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Tribeca Takes: Paola Mendoza on Entre Nos

Paola Mendoza reflects on the year since her premiere at TFF 2009. After traveling to film festivals around the world, the most rewarding story was waiting back at home in Queens.



A heartbreaking, but ultimately inspiring, story of a single mother's immigration to NYC, Entre Nos was one of the undisputed crowd favorites of the 2009 Tribeca Film Festival. The film, which also won an honorable jury mention, clearly resonated with audiences who related to the simple story of struggle, poverty, and, above all, love.


On the eve of the film's theatrical release this weekend, co-director (and star of the film) Paola Mendoza shares stories from the last year, during which she's learned that interactions with real people certainly trump reviews. [Note: The New York Times review is quite lovely.]



As Entre Nos gears up for its NYC theatrical release this Friday, I’m entering a new stage… REVIEWS! As of this morning, we have been reviewed by two NYC sources, and to be quite honest they have been mixed at best. Did it hurt when I first read them? Yes. Did my stomach drop? Yes. Did I curse the reviewers? Yes. Did I lose sleep over the reviews? Yes. But when I woke up this morning I reminded myself that I did not make this film for critics; I made this film for the people. And the people have applauded, cried and laughed.
This morning I remembered the woman who came up to me after we screened the film in Havana. She couldn’t talk, tears were running down her face, and when I put my arms around her she melted into my embrace and cried uncontrollably. After a few moments she composed herself, smiled at me and walked away. I never found out her name, never even heard her voice, but I will remember her always.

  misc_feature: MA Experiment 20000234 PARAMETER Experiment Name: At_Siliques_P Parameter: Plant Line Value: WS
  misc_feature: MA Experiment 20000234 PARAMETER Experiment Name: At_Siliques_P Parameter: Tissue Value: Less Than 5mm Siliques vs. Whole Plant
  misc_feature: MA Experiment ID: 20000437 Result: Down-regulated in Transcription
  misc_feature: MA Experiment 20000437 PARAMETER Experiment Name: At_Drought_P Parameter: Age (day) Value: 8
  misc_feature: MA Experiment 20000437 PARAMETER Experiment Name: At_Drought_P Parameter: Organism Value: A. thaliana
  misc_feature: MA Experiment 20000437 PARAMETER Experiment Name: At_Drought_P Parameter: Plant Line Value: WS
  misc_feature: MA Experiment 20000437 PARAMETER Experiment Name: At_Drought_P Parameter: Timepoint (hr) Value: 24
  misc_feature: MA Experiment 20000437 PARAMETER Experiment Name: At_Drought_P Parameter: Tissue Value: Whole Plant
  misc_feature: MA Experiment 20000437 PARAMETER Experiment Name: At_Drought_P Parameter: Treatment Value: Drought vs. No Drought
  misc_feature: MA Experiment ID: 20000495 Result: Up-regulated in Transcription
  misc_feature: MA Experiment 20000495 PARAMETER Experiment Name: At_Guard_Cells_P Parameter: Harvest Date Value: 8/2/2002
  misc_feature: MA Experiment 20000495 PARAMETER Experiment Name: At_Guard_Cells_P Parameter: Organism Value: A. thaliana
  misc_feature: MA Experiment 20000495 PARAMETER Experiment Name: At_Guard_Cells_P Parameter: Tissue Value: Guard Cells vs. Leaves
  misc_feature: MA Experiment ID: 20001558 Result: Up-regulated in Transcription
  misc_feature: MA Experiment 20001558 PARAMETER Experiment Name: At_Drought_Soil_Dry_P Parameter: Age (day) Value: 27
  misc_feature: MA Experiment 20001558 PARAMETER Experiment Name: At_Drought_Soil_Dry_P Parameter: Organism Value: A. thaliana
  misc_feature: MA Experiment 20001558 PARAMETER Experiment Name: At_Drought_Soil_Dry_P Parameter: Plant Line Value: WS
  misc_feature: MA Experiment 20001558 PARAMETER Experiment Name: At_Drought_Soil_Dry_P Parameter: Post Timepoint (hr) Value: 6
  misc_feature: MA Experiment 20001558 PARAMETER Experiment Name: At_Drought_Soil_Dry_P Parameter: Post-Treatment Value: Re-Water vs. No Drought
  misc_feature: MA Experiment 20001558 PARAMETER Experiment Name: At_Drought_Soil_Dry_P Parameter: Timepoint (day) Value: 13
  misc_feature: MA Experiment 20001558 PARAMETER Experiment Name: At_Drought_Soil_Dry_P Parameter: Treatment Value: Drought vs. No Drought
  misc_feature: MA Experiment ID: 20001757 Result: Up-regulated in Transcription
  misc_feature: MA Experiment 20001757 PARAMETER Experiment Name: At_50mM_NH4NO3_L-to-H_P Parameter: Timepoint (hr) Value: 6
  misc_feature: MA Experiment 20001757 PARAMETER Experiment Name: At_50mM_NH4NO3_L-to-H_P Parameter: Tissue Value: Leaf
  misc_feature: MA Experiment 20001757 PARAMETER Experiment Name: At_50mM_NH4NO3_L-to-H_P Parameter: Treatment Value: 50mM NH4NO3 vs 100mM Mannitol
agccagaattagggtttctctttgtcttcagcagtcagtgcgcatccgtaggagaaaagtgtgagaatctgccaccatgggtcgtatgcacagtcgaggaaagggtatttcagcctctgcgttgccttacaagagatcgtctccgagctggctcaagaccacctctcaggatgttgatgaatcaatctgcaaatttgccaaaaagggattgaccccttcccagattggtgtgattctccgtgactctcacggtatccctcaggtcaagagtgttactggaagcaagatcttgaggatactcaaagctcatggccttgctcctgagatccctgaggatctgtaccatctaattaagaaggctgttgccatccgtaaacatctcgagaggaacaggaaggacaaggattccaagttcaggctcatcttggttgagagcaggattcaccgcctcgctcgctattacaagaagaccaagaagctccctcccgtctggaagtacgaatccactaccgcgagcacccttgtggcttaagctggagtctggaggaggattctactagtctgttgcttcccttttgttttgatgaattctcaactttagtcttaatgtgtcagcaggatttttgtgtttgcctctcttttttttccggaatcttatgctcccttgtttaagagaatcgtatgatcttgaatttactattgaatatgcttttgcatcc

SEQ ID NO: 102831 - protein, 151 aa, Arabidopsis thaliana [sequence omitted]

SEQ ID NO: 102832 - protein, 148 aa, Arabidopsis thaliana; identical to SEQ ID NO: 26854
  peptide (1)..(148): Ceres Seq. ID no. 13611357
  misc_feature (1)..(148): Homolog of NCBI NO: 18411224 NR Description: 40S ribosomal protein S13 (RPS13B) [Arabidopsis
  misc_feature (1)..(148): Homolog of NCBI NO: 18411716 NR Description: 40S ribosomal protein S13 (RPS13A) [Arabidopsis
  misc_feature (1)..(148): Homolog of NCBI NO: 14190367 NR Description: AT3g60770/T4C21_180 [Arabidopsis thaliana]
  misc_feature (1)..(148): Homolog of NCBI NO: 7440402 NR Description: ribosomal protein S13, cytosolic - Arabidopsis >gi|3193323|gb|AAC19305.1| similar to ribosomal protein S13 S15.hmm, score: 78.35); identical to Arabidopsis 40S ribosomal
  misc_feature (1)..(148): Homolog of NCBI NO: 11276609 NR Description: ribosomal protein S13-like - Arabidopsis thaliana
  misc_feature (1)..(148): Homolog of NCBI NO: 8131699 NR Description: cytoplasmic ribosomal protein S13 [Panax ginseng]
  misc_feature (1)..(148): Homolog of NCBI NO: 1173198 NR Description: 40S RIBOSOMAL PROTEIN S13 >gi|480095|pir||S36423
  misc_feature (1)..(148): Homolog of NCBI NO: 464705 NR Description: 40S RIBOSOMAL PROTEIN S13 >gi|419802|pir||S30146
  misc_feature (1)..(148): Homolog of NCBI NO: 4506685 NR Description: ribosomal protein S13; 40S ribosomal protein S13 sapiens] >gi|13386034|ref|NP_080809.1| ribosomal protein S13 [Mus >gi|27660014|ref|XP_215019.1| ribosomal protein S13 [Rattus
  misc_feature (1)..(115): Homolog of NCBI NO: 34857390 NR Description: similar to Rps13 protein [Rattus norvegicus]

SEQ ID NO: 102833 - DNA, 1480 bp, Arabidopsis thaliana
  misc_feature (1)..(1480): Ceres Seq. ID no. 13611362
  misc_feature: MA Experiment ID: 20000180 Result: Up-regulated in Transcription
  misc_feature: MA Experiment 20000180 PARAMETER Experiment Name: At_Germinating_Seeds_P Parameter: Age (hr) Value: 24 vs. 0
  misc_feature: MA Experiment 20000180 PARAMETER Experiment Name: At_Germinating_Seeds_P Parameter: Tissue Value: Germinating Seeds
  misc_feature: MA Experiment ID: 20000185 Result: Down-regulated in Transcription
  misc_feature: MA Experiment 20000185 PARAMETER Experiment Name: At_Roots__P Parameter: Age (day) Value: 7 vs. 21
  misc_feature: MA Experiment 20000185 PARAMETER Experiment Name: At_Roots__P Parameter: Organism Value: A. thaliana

I also remembered that gentleman in Newport who waited patiently over 45 minutes to speak to me. When his turn finally came, he grabbed my hand tightly and, holding back tears, confessed that he was a doctor who had retired over 6 months ago, and he said this film made him realize he was not contributing to those in his community who needed help. He promised me—and then promised himself—that he was going to start to volunteer, helping newly arrived immigrants. I smiled at him, because I didn’t know what to say. He thanked me and then walked away. As I watched him leave the theater, I held back my own tears.


The most profound experience happened just this last weekend in Jackson Heights [Queens], where we screened Entre Nos for the community. After the screening, a family of three approached me and the mother was an emotional wreck—she could barely speak—but what she did manage to say was that she had heard so much about me over the past year and that she was so happy to finally see the film and meet me. The daughter told me that she and her brother had seen the film at Tribeca last year and were so moved by the film because it was a reflection of their own story. They too had been abandoned by their father and raised by their immigrant mother, and they lived through many of the same things shown in the film. They had spoken to me last year after one of the screenings, and as crazy as it sounds, I remembered them.


I remembered the sister wanted to be a filmmaker; she was a junior in high school. She talked about how she wanted to tell her own story, but she couldn’t imagine where to begin because it was still so raw, and she was still so angry. I gave her the best advice I could, we hugged and I wished her luck. Exactly a year later, there she was with her mother and her brother, excited to tell me that Entre Nos had inspired her, it had given her the courage to write her own story. She finished her screenplay and submitted it as a writing sample for film school. This young woman had come back to tell me that she had been accepted to her first choice, Emerson College. She told me with pride that she would be the first person in her family to go to college.
This morning I was reminded why I make movies. I make movies to move people, to challenge them and to inspire them. When I hear that my movie contributed in any way to a young woman going to college, it no longer matters what critics say. The only thing that matters are the thousands of people I have met around the world while sharing my film.


Entre Nos will open at the Quad Cinema on May 14 in New York City.
For more information, visit the official website. (You can even learn to make empanadas!)
Like Entre Nos on Facebook.


Watch the trailer:



Watch Paola's PSA for Immigration Reform:



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